City neighborhoods losing character to condos, chain stores
For 20 years, I have followed two neighbors, Robert, my locksmith, and Boris, my shoe repair guy, from place to place as they struggle to remain on the lower East Side.
The last time I took my boots to Boris, the gates were down and the store was gone. Robert recently set up shop on Rivington St., but he looks sadder every time I see him as he contemplates an imminent - and impossible - doubling of his rent.
Robert and Boris are, for me, the tragic faces of a new New York - a city that, neighborhood by neighborhood, is being washed over by a bland sea of chain stores, luxury condos, restaurants, bars and upscale boutiques.
I see a city that's losing its texture, its character, its grit. Yes, New York City is still the greatest city in the world. But it is no longer the most exciting and surely, it now ranks as the most heartbreaking.
In 1984 I walked a New York of fabled, unique neighborhoods - Hell's Kitchen, Harlem, Loisaida, Alphabet City. It wasn't always pretty and you had to watch your step, but the mix of cultures, the music and language in the red-brick tenements and grand brownstones communicated a rich history.
The Little Italy of wiseguys and grandmothers with babies, sitting outside butchers and barbers, has given way to slick restaurants and "Sopranos" souvenir shops.
The lower East Side and East Village, once full of Jewish hatters and tailors, Polish bakeries and Ukranian diners, have been crammed with boutique hotels, expensive bars and destination restaurants named for the places they've displaced: Barrio, Mission, Tenement. Rents are astronomical.
The fabled shopping district of Orchard St. exists now only on historic signposts.
Harlem, the beating heart of black history, was once rich with churches and mosques, soul food and fried fish, hip hop and James Brown. Now the black vendors are losing their leases and black residents their homes as condos go up and real estate speculation steps in.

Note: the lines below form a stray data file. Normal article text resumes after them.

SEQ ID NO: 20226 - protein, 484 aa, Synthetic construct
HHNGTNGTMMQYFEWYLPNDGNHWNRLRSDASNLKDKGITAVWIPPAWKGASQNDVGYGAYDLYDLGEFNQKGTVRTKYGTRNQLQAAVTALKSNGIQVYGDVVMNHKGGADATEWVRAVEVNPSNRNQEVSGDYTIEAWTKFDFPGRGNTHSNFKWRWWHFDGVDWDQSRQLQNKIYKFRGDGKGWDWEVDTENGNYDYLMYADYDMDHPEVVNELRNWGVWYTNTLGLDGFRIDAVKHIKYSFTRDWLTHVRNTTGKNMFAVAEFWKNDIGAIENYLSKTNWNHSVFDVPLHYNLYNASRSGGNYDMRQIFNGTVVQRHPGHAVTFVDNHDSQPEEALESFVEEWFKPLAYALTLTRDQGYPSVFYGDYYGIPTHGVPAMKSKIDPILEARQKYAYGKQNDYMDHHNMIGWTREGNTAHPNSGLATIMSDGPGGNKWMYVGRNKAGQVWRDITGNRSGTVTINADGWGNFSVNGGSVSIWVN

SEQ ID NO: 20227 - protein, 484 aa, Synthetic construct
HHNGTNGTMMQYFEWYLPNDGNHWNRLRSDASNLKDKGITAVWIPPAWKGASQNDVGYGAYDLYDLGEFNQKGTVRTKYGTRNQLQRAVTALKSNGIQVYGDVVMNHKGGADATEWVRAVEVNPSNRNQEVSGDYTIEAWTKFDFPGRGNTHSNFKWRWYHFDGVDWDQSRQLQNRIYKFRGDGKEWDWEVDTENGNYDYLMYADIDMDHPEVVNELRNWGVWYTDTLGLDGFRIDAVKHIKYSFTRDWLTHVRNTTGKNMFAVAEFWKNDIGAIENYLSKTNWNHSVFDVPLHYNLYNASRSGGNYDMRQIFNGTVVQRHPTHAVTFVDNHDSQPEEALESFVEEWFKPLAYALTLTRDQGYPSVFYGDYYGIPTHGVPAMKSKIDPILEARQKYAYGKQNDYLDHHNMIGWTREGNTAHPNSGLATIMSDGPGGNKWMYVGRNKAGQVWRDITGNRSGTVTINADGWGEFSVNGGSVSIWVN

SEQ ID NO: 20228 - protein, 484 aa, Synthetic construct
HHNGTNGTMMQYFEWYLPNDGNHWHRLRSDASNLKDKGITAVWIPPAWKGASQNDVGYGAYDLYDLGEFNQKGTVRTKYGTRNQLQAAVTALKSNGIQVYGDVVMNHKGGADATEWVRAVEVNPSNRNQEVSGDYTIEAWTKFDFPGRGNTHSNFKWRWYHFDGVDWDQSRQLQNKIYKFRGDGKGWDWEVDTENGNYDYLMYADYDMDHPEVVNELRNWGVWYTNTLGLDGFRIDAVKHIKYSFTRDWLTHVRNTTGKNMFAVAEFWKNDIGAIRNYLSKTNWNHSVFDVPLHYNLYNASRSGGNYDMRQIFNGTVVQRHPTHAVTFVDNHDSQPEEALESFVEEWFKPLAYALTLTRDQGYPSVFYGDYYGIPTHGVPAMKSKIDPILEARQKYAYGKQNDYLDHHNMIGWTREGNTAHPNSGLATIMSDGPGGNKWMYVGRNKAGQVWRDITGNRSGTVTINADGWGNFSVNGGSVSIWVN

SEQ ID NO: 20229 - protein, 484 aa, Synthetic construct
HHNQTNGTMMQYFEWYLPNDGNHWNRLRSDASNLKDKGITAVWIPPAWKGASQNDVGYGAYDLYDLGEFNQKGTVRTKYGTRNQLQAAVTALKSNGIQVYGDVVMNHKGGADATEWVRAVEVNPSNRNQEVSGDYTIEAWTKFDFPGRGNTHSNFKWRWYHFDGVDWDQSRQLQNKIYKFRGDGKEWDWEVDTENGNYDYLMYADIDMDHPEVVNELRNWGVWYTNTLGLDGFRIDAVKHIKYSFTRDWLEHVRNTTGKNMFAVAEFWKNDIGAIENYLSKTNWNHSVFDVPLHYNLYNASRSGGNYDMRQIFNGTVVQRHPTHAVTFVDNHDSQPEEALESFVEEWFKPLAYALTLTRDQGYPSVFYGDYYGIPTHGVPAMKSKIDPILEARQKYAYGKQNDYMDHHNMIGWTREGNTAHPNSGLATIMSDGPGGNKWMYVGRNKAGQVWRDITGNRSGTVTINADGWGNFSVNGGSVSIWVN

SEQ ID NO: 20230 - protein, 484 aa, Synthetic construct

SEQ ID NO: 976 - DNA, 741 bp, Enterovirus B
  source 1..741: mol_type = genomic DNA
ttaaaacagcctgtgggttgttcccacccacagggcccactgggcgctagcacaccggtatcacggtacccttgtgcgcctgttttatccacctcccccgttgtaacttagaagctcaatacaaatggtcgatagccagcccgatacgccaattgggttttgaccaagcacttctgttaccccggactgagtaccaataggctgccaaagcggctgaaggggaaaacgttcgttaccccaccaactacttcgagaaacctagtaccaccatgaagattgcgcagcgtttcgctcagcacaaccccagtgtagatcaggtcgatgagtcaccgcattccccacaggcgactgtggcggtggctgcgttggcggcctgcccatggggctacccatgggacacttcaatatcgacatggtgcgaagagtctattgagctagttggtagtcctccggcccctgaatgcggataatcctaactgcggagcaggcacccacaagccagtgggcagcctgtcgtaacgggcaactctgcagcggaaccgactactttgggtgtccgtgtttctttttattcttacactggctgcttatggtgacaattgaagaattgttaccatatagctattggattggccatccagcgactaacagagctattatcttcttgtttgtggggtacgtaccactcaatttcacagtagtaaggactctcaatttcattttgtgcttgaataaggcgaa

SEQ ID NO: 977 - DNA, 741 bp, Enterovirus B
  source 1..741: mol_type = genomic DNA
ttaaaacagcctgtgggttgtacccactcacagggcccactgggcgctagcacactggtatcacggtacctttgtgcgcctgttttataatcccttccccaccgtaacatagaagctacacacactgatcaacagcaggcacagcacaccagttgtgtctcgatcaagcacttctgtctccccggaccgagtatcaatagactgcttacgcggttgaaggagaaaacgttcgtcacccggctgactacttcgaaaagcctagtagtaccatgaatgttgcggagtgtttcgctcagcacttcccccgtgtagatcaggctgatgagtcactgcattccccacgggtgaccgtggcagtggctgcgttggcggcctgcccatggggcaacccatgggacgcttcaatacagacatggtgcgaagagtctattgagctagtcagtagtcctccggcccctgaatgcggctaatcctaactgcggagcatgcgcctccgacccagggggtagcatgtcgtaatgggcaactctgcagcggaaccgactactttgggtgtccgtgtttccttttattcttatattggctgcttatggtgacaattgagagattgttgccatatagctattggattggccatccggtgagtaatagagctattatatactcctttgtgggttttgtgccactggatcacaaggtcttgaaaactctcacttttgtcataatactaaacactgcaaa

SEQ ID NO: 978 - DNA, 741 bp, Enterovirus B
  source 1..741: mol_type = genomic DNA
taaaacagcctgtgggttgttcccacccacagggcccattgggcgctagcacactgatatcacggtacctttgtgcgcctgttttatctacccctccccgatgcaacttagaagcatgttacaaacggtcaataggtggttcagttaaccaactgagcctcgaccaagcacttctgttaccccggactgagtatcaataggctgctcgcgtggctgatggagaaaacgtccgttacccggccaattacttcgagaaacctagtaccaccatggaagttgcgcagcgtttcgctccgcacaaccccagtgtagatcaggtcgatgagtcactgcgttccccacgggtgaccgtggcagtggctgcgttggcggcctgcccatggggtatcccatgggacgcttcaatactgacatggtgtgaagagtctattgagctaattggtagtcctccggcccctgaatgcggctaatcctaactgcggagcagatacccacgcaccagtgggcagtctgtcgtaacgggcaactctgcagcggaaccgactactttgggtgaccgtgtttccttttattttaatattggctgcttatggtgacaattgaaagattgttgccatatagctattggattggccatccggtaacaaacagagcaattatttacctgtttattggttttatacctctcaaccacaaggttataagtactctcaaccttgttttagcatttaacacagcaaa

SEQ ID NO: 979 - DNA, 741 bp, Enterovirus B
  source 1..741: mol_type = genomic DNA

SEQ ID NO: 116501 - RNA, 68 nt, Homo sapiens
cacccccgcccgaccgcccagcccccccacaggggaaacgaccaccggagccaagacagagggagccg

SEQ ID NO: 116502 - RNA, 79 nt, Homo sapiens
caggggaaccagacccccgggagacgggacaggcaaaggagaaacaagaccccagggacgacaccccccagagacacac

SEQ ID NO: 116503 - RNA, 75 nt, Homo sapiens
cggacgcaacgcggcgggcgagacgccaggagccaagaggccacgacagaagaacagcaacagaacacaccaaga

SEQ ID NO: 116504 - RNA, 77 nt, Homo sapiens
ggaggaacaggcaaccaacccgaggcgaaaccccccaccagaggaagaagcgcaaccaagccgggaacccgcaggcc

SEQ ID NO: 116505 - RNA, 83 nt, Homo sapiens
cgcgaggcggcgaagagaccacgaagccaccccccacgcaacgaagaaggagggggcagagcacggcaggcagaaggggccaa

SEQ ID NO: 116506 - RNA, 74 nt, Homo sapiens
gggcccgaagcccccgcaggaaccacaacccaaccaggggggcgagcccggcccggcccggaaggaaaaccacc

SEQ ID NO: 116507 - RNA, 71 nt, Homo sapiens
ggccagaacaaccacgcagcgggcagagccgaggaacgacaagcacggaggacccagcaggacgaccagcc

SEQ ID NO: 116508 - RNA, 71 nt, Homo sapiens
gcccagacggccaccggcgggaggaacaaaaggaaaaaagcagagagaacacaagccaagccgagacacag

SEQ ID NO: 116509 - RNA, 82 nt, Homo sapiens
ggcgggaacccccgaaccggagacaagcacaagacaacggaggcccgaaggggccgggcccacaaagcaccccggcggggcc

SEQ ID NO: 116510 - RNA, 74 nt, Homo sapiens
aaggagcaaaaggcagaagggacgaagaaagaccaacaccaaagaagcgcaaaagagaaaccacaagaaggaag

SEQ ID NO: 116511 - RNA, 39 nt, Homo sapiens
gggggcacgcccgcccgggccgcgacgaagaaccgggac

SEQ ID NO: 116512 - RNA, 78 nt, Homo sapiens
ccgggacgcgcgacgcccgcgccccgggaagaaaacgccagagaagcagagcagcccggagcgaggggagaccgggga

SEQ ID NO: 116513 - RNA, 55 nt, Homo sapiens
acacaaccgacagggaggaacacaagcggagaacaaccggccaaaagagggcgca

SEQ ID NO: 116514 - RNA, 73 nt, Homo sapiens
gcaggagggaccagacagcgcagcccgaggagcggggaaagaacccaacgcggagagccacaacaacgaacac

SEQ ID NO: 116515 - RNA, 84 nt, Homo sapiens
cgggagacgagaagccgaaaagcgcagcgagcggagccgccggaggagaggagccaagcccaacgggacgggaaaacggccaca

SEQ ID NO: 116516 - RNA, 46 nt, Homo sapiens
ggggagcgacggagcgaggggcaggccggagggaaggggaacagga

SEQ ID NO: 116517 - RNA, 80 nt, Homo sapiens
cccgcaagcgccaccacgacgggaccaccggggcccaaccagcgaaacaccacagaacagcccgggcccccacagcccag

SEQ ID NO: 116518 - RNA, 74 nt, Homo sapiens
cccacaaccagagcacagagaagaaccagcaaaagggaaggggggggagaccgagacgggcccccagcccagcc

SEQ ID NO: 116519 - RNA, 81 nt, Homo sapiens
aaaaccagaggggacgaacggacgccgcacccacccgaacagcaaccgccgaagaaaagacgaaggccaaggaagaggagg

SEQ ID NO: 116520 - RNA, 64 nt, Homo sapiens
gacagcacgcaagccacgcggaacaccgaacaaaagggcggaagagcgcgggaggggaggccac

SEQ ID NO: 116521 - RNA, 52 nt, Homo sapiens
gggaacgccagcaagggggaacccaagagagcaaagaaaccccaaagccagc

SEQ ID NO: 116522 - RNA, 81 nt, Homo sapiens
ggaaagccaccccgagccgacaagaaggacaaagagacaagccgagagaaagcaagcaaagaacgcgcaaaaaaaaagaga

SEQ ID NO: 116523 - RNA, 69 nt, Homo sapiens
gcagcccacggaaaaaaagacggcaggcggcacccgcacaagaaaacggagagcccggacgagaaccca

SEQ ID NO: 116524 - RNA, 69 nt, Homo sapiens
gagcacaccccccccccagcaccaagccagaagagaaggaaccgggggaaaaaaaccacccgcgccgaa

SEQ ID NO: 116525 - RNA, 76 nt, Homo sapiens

The Meatpacking District and the Fulton Fish Market, pre-dawn furies, have become a luxury shopping destination and a seaport theme park. The Bronx Terminal Market, wholesaler of ethnic foods - gone. Manufacturing in the city - endangered.
Some call it simple gentrification - but what we're witnessing is much more profound. In the city I remember, people found each other. The punks had CBGB and St. Marks Place. Christopher St. and the West Side piers were fiercely gay. Storefront clubs lit up abandoned downtown with art, music and dancing. Squatters renovated abandoned buildings - teaching each other skills, recycling materials, raising families. Community gardens bloomed on empty lots.
Real estate is king in the new New York. Too many immigrants can't afford to come in. Too many longtime residents are driven out. We are losing our sky to a hideous skyline and our streets to a generic wash of prefab apartments, banks and storefronts.
As Manhattan is squeezed, so suffer the outer boroughs. The Italians and Poles of Williamsburg and Greenpoint, Brooklyn, are dislocated by hipsters whose creative lives are emphatically commercial. Every possible place is built on, or up. The Atlantic Yards project in Brooklyn promises the same on a massive scale.
Rents in Queens and Brooklyn are skyrocketing. Coney Island - which I suppose was too real - is poised for annihilation.
In just the last decade, I have seen New York morph into a wealthy, homogenized, tourist-friendly town. This place - that birthed the Beats and Be-bop, Harlem and hip hop, that defined the gorgeous melting pot - has become the billionaires' city. Its new mantra seems to be: Pay to stay.
We've lost our shopkeepers, barbers, cobblers, diners, record stores, our butchers and bakers. We've lost the vibrant mix that made the city unique, the spontaneity that gave New York its edge.
Have we even lost our soul?Maggie Wrigley, a writer and photographer, is a contributor to the book "The Suburbanization of New York: Is the World's Greatest City Becoming Just Another Town?"